# Elastic And Inelastic Collision Problem Solving Pdf

By Josette D.

In and pdf

27.05.2021 at 23:49

8 min read

File Name: elastic and inelastic collision problem solving .zip

Size: 21112Kb

Published: 27.05.2021

- We apologize for the inconvenience...
- Collisions and conservation laws
- Solving elastic collision problems the hard way

## We apologize for the inconvenience...

Anyone can learn for free on OpenLearn, but signing-up will give you access to your personal learning profile and record of achievements that you earn while you study. Start this free course now. Just create an account and sign in. Enrol and complete the course for a free statement of participation or digital badge if available.

When starting to investigate collision problems, we usually consider situations that either start or end with a single body. The reason for this self-imposed limitation is that such problems can be solved by applying momentum conservation alone, namely the result that the total linear momentum of an isolated system is constant. The analysis of more general collisions requires the use of other principles in addition to momentum conservation. To illustrate this, we now consider a one-dimensional problem in which two colliding bodies with known masses m sub 1 and m sub 2 , and with known initial velocities u subscript 1 x end and u subscript 2 x end collide and then separate with final velocities v subscript 1 x end and v subscript 2 x end.

The problem is that of finding the two unknowns v subscript 1 x end and v subscript 2 x end. Conservation of momentum in the x -direction provides only one equation linking these two unknowns:.

In the absence of any detailed knowledge about the forces involved in the collision, the usual source of an additional relationship between v subscript 1 x end and v subscript 2 x end comes from some consideration of the translational kinetic energy involved. The precise form of this additional relationship depends on the nature of the collision. Collisions may be classified by comparing the total translational kinetic energy of the colliding bodies before and after the collision.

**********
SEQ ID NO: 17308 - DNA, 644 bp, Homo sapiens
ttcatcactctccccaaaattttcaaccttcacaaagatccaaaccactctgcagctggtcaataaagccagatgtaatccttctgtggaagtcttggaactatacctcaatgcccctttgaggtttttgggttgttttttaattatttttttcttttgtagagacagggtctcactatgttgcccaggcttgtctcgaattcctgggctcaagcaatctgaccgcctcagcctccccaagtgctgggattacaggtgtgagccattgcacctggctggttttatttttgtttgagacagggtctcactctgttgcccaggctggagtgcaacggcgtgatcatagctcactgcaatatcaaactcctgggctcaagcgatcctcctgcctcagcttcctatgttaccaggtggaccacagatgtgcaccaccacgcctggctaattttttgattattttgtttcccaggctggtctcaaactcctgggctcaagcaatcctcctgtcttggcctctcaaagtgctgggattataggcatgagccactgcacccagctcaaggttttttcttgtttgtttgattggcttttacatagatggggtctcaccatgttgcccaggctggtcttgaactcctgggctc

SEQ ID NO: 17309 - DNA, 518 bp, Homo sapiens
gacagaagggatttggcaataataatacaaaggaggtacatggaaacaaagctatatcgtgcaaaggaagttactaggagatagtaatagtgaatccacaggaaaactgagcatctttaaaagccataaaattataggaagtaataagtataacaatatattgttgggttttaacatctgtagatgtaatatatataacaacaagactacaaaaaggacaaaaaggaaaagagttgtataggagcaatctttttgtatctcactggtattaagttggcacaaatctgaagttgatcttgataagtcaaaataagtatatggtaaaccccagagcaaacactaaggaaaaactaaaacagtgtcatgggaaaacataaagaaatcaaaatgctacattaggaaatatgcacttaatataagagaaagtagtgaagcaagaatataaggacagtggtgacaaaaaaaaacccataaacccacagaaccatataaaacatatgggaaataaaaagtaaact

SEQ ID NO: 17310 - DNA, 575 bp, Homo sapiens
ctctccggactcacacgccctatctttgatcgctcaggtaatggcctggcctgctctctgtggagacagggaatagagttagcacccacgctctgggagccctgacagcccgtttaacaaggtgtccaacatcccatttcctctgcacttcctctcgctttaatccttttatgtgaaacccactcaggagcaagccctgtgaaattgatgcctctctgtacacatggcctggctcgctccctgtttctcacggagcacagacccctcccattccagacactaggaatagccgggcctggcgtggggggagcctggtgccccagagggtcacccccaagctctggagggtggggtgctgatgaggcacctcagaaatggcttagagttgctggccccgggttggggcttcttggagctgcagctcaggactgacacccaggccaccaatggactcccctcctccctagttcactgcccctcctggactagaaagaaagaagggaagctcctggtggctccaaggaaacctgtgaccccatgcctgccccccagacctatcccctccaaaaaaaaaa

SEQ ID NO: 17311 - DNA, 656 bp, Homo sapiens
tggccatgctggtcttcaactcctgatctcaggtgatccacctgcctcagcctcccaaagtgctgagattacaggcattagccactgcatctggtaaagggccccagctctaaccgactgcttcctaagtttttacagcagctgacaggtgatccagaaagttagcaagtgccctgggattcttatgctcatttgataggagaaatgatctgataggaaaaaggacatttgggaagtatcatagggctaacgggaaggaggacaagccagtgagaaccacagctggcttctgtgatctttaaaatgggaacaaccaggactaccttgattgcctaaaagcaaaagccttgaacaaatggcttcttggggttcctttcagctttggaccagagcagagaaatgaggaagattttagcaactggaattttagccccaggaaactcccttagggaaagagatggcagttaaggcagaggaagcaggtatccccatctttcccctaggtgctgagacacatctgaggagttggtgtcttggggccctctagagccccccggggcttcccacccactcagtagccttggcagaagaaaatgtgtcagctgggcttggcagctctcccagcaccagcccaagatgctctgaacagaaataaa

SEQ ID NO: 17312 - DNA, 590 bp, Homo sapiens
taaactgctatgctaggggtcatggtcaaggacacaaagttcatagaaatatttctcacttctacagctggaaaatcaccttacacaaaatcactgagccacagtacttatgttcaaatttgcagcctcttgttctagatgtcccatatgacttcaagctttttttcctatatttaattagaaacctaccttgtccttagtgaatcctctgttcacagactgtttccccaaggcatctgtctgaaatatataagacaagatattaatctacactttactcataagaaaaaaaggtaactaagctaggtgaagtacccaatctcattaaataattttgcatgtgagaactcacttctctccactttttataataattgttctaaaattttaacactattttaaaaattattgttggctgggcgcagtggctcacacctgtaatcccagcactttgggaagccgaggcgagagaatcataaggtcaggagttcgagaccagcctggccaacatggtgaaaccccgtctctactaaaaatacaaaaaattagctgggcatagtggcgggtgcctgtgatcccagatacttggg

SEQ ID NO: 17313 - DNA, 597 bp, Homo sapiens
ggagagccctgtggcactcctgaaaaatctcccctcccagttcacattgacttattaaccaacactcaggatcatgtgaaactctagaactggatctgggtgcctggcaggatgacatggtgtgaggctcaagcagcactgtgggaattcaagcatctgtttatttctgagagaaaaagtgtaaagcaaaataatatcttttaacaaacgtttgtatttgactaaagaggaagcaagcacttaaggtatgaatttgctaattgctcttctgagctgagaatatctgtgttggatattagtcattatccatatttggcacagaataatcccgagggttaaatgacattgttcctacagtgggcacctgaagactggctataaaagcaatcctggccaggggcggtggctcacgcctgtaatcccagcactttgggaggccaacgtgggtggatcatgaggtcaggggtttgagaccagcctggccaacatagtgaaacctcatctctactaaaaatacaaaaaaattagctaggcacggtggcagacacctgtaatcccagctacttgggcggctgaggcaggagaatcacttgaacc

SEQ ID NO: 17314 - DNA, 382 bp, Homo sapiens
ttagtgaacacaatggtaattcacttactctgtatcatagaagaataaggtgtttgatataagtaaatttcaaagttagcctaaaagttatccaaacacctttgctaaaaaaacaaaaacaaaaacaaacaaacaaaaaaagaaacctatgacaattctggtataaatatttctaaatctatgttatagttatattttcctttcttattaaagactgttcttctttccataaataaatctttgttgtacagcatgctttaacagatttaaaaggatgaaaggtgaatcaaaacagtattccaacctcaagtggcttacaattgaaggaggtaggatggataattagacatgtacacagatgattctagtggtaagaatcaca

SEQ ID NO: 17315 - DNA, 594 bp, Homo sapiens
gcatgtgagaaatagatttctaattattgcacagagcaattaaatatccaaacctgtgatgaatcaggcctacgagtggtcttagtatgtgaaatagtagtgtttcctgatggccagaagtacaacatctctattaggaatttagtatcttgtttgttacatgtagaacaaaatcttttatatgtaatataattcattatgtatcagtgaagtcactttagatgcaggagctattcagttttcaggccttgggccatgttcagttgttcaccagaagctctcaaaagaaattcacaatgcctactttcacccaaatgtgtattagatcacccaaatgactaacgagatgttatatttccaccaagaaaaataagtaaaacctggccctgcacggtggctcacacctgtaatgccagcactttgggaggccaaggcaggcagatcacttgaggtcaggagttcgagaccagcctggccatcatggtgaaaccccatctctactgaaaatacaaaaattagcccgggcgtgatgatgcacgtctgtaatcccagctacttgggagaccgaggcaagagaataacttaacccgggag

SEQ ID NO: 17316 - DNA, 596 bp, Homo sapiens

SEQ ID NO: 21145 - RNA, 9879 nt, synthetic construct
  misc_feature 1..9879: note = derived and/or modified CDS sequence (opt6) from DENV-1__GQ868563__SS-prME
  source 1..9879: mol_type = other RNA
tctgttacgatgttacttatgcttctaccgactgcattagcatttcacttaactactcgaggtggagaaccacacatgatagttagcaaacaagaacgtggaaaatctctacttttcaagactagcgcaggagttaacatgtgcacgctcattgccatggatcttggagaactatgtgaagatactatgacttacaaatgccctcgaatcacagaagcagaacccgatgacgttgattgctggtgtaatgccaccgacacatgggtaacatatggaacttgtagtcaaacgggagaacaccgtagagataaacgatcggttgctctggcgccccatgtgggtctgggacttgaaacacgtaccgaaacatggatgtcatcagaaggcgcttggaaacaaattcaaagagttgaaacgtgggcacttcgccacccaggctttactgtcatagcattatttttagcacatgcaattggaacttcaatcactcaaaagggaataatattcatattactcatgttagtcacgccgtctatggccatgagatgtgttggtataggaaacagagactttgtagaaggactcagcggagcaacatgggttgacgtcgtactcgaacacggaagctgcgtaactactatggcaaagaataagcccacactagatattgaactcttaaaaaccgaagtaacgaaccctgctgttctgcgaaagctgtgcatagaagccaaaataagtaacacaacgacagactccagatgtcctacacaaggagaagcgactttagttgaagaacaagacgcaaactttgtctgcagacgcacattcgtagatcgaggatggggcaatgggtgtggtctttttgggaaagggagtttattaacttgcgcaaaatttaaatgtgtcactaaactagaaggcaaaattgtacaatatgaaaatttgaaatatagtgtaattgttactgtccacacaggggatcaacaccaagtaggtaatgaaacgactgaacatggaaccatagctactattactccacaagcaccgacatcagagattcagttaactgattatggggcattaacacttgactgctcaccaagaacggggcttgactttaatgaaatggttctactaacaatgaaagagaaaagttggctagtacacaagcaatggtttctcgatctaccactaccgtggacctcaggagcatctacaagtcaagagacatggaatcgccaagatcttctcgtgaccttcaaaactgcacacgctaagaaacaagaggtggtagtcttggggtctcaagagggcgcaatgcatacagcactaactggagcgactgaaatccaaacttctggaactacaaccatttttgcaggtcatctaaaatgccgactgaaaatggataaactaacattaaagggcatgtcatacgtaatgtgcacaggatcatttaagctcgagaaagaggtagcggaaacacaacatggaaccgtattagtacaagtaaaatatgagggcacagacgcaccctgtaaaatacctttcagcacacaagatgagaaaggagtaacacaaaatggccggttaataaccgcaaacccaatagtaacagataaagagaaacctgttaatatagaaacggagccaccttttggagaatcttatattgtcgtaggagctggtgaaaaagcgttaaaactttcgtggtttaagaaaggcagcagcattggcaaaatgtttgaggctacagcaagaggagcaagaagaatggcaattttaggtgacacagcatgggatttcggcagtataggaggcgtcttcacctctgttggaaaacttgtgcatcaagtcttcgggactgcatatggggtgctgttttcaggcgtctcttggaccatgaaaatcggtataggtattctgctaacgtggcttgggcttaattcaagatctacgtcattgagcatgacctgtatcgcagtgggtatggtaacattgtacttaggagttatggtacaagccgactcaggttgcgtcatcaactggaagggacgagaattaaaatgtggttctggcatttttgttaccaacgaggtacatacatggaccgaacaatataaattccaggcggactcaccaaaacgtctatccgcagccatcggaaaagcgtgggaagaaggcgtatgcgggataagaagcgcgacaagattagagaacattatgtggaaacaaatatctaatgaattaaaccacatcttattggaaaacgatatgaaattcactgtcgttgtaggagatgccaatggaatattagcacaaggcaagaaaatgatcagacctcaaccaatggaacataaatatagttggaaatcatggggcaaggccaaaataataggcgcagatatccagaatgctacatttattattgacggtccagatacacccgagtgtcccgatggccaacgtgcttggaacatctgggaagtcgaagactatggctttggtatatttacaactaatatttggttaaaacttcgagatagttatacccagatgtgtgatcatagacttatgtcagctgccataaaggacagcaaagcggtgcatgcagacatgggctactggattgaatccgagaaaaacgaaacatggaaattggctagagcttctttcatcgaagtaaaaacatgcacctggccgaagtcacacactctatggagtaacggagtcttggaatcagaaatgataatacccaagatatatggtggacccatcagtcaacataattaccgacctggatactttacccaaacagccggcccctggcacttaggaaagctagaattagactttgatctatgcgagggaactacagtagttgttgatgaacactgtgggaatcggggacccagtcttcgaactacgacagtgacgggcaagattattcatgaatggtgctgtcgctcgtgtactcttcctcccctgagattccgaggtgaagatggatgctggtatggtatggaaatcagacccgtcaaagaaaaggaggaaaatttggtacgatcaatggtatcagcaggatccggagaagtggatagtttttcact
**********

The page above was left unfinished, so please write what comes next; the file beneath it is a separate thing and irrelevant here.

If there is no change in the total kinetic energy, then the collision is an elastic collision. If the kinetic energy after the collision is less than that before the collision then the collision is an inelastic collision. In some situations e. In the simplest case, when the collision is elastic, the consequent conservation of kinetic energy means that. This equation, together with Equation 1 will allow v subscript 1 x end and v subscript 2 x end to be determined provided the masses and initial velocities have been specified.

We consider this situation in more detail in the next section. Real collisions between macroscopic objects are usually inelastic but some collisions, such as those between steel ball bearings or between billiard balls, are very nearly elastic.

The kinetic energy which is lost in an inelastic collision appears as energy of a different form e. Collisions in which the bodies stick together on collision and move off together afterwards, are examples of completely inelastic collisions. In these cases the maximum amount of kinetic energy, consistent with momentum conservation, is lost.

Momentum conservation usually implies that the final body or bodies must be moving and this inevitably implies that there must be some final kinetic energy; it is the remainder of the initial kinetic energy, after this final kinetic energy has been subtracted, that is lost in a completely inelastic collision.

Making the decision to study can be a big step, which is why you'll want a trusted University. Take a look at all Open University courses If you are new to university level study, we offer two introductory routes to our qualifications.

Find out Where to take your learning next? Not ready for University study then browse over free courses on OpenLearn and sign up to our newsletter to hear about new free courses as they are released. Every year, thousands of students decide to study with The Open University. Request an Open University prospectus OpenLearn works with other organisations by providing free courses and resources that support our mission of opening up educational opportunities to more people in more places. All rights reserved.